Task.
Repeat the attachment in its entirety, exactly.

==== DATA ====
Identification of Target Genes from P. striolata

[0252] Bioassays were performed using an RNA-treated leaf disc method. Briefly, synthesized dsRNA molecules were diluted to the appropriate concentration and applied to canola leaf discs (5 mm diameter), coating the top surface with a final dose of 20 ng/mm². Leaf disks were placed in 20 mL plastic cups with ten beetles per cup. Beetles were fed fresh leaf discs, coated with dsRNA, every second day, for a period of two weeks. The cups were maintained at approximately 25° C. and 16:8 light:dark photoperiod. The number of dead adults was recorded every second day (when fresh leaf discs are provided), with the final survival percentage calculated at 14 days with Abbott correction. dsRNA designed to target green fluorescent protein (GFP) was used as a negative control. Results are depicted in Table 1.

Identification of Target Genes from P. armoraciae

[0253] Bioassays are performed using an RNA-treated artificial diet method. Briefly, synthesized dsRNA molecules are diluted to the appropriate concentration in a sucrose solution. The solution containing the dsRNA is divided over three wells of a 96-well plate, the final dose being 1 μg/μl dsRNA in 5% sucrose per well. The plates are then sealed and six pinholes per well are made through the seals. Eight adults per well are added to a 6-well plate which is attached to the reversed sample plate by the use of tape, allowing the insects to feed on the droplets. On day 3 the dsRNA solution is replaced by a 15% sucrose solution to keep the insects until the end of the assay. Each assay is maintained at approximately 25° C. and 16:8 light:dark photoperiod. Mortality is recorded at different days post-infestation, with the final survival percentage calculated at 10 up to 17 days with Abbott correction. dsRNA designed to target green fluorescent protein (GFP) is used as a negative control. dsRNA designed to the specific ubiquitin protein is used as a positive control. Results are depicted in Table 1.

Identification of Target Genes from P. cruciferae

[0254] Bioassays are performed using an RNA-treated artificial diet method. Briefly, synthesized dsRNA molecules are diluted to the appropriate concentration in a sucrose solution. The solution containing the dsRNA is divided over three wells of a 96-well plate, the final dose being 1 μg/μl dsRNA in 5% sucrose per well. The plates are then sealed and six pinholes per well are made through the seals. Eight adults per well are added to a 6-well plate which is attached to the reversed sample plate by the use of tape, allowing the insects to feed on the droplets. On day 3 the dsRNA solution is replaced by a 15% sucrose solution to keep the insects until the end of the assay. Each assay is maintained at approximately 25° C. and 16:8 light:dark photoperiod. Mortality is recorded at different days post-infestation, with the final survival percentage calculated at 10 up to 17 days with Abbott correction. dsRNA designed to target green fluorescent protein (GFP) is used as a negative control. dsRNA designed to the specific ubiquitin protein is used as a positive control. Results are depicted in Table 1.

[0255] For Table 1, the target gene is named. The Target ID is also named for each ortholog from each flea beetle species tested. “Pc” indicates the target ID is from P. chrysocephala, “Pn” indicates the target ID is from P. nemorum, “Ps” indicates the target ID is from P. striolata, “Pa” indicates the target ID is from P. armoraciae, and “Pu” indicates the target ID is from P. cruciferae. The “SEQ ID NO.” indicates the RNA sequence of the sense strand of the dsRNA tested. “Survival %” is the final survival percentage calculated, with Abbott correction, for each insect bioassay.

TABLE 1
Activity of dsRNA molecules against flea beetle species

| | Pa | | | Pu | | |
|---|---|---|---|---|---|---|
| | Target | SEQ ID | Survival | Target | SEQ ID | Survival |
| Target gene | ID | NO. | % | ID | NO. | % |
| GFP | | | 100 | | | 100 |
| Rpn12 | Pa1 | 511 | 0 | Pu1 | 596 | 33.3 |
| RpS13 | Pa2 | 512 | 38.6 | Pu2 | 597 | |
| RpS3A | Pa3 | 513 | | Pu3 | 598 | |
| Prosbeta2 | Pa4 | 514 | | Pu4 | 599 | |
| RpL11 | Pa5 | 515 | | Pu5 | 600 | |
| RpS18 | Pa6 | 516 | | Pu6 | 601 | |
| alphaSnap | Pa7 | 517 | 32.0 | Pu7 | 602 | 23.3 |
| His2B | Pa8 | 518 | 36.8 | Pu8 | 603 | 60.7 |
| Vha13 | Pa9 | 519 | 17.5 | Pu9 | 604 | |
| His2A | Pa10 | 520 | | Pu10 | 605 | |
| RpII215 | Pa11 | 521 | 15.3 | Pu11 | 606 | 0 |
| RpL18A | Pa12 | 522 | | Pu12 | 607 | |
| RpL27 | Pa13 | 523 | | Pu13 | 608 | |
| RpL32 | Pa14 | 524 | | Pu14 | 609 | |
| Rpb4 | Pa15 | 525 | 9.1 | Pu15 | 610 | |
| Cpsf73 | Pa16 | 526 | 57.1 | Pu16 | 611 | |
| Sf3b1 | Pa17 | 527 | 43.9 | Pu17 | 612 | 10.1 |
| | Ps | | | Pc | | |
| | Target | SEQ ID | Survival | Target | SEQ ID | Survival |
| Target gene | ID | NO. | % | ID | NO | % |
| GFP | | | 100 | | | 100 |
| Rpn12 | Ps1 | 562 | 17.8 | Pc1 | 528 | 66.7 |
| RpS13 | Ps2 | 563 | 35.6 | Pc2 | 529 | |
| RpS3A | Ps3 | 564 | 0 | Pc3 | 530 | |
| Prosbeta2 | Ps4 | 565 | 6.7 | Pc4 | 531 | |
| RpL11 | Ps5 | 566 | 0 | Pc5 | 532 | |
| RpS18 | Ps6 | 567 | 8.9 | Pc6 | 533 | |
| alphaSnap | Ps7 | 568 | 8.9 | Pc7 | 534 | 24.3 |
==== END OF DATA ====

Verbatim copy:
Identification of Target Genes from P. striolata

[0252] Bioassays were performed using an RNA-treated leaf disc method. Briefly, synthesized dsRNA molecules were diluted to the appropriate concentration and applied to canola leaf discs (5 mm diameter), coating the top surface with a final dose of 20 ng/mm². Leaf disks were placed in 20 mL plastic cups with ten beetles per cup. Beetles were fed fresh leaf discs, coated with dsRNA, every second day, for a period of two weeks. The cups were maintained at approximately 25° C. and 16:8 light:dark photoperiod. The number of dead adults was recorded every second day (when fresh leaf discs are provided), with the final survival percentage calculated at 14 days with Abbott correction. dsRNA designed to target green fluorescent protein (GFP) was used as a negative control. Results are depicted in Table 1.

Identification of Target Genes from P. armoraciae

[0253] Bioassays are performed using an RNA-treated artificial diet method. Briefly, synthesized dsRNA molecules are diluted to the appropriate concentration in a sucrose solution. The solution containing the dsRNA is divided over three wells of a 96-well plate, the final dose being 1 μg/μl dsRNA in 5% sucrose per well. The plates are then sealed and six pinholes per well are made through the seals. Eight adults per well are added to a 6-well plate which is attached to the reversed sample plate by the use of tape, allowing the insects to feed on the droplets. On day 3 the dsRNA solution is replaced by a 15% sucrose solution to keep the insects until the end of the assay. Each assay is maintained at approximately 25° C. and 16:8 light:dark photoperiod. Mortality is recorded at different days post-infestation, with the final survival percentage calculated at 10 up to 17 days with Abbott correction. dsRNA designed to target green fluorescent protein (GFP) is used as a negative control. dsRNA designed to the specific ubiquitin protein is used as a positive control. Results are depicted in Table 1.

Identification of Target Genes from P. cruciferae

[0254] Bioassays are performed using an RNA-treated artificial diet method. Briefly, synthesized dsRNA molecules are diluted to the appropriate concentration in a sucrose solution. The solution containing the dsRNA is divided over three wells of a 96-well plate, the final dose being 1 μg/μl dsRNA in 5% sucrose per well. The plates are then sealed and six pinholes per well are made through the seals. Eight adults per well are added to a 6-well plate which is attached to the reversed sample plate by the use of tape, allowing the insects to feed on the droplets. On day 3 the dsRNA solution is replaced by a 15% sucrose solution to keep the insects until the end of the assay. Each assay is maintained at approximately 25° C. and 16:8 light:dark photoperiod. Mortality is recorded at different days post-infestation, with the final survival percentage calculated at 10 up to 17 days with Abbott correction. dsRNA designed to target green fluorescent protein (GFP) is used as a negative control. dsRNA designed to the specific ubiquitin protein is used as a positive control. Results are depicted in Table 1.

[0255] For Table 1, the target gene is named. The Target ID is also named for each ortholog from each flea beetle species tested. “Pc” indicates the target ID is from P. chrysocephala, “Pn” indicates the target ID is from P. nemorum, “Ps” indicates the target ID is from P. striolata, “Pa” indicates the target ID is from P. armoraciae, and “Pu” indicates the target ID is from P. cruciferae. The “SEQ ID NO.” indicates the RNA sequence of the sense strand of the dsRNA tested. “Survival %” is the final survival percentage calculated, with Abbott correction, for each insect bioassay.

TABLE 1
Activity of dsRNA molecules against flea beetle species

| | Pa | | | Pu | | |
|---|---|---|---|---|---|---|
| | Target | SEQ ID | Survival | Target | SEQ ID | Survival |
| Target gene | ID | NO. | % | ID | NO. | % |
| GFP | | | 100 | | | 100 |
| Rpn12 | Pa1 | 511 | 0 | Pu1 | 596 | 33.3 |
| RpS13 | Pa2 | 512 | 38.6 | Pu2 | 597 | |
| RpS3A | Pa3 | 513 | | Pu3 | 598 | |
| Prosbeta2 | Pa4 | 514 | | Pu4 | 599 | |
| RpL11 | Pa5 | 515 | | Pu5 | 600 | |
| RpS18 | Pa6 | 516 | | Pu6 | 601 | |
| alphaSnap | Pa7 | 517 | 32.0 | Pu7 | 602 | 23.3 |
| His2B | Pa8 | 518 | 36.8 | Pu8 | 603 | 60.7 |
| Vha13 | Pa9 | 519 | 17.5 | Pu9 | 604 | |
| His2A | Pa10 | 520 | | Pu10 | 605 | |
| RpII215 | Pa11 | 521 | 15.3 | Pu11 | 606 | 0 |
| RpL18A | Pa12 | 522 | | Pu12 | 607 | |
| RpL27 | Pa13 | 523 | | Pu13 | 608 | |
| RpL32 | Pa14 | 524 | | Pu14 | 609 | |
| Rpb4 | Pa15 | 525 | 9.1 | Pu15 | 610 | |
| Cpsf73 | Pa16 | 526 | 57.1 | Pu16 | 611 | |
| Sf3b1 | Pa17 | 527 | 43.9 | Pu17 | 612 | 10.1 |
| | Ps | | | Pc | | |
| | Target | SEQ ID | Survival | Target | SEQ ID | Survival |
| Target gene | ID | NO. | % | ID | NO | % |
| GFP | | | 100 | | | 100 |
| Rpn12 | Ps1 | 562 | 17.8 | Pc1 | 528 | 66.7 |
| RpS13 | Ps2 | 563 | 35.6 | Pc2 | 529 | |
| RpS3A | Ps3 | 564 | 0 | Pc3 | 530 | |
| Prosbeta2 | Ps4 | 565 | 6.7 | Pc4 | 531 | |
| RpL11 | Ps5 | 566 | 0 | Pc5 | 532 | |
| RpS18 | Ps6 | 567 | 8.9 | Pc6 | 533 | |
| alphaSnap | Ps7 | 568 | 8.9 | Pc7 | 534 | 24.3 |